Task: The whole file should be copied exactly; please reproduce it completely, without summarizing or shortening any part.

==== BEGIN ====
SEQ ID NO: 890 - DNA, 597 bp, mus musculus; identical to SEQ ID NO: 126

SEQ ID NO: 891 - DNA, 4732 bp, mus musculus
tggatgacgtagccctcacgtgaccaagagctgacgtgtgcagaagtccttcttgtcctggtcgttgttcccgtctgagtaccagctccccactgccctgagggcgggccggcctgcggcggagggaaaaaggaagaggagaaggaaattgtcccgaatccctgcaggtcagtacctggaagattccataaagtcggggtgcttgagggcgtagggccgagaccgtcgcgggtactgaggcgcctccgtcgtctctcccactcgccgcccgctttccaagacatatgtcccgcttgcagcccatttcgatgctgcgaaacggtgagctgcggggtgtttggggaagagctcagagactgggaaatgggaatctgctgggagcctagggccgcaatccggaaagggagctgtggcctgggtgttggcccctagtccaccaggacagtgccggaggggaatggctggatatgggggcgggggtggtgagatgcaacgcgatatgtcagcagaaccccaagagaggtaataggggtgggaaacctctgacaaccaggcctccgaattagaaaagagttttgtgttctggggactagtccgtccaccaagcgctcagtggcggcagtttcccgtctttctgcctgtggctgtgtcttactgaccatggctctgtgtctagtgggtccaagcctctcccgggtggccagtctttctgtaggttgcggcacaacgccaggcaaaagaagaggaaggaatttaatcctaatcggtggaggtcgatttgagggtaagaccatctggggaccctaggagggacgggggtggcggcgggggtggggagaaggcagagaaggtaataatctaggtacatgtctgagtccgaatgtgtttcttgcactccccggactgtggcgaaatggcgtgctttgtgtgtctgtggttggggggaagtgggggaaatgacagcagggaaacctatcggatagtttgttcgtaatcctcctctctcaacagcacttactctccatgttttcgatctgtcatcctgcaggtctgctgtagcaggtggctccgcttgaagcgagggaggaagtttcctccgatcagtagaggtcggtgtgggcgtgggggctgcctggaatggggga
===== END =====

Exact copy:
SEQ ID NO: 890 - DNA, 597 bp, mus musculus; identical to SEQ ID NO: 126

SEQ ID NO: 891 - DNA, 4732 bp, mus musculus
tggatgacgtagccctcacgtgaccaagagctgacgtgtgcagaagtccttcttgtcctggtcgttgttcccgtctgagtaccagctccccactgccctgagggcgggccggcctgcggcggagggaaaaaggaagaggagaaggaaattgtcccgaatccctgcaggtcagtacctggaagattccataaagtcggggtgcttgagggcgtagggccgagaccgtcgcgggtactgaggcgcctccgtcgtctctcccactcgccgcccgctttccaagacatatgtcccgcttgcagcccatttcgatgctgcgaaacggtgagctgcggggtgtttggggaagagctcagagactgggaaatgggaatctgctgggagcctagggccgcaatccggaaagggagctgtggcctgggtgttggcccctagtccaccaggacagtgccggaggggaatggctggatatgggggcgggggtggtgagatgcaacgcgatatgtcagcagaaccccaagagaggtaataggggtgggaaacctctgacaaccaggcctccgaattagaaaagagttttgtgttctggggactagtccgtccaccaagcgctcagtggcggcagtttcccgtctttctgcctgtggctgtgtcttactgaccatggctctgtgtctagtgggtccaagcctctcccgggtggccagtctttctgtaggttgcggcacaacgccaggcaaaagaagaggaaggaatttaatcctaatcggtggaggtcgatttgagggtaagaccatctggggaccctaggagggacgggggtggcggcgggggtggggagaaggcagagaaggtaataatctaggtacatgtctgagtccgaatgtgtttcttgcactccccggactgtggcgaaatggcgtgctttgtgtgtctgtggttggggggaagtgggggaaatgacagcagggaaacctatcggatagtttgttcgtaatcctcctctctcaacagcacttactctccatgttttcgatctgtcatcctgcaggtctgctgtagcaggtggctccgcttgaagcgagggaggaagtttcctccgatcagtagaggtcggtgtgggcgtgggggctgcctggaatggggga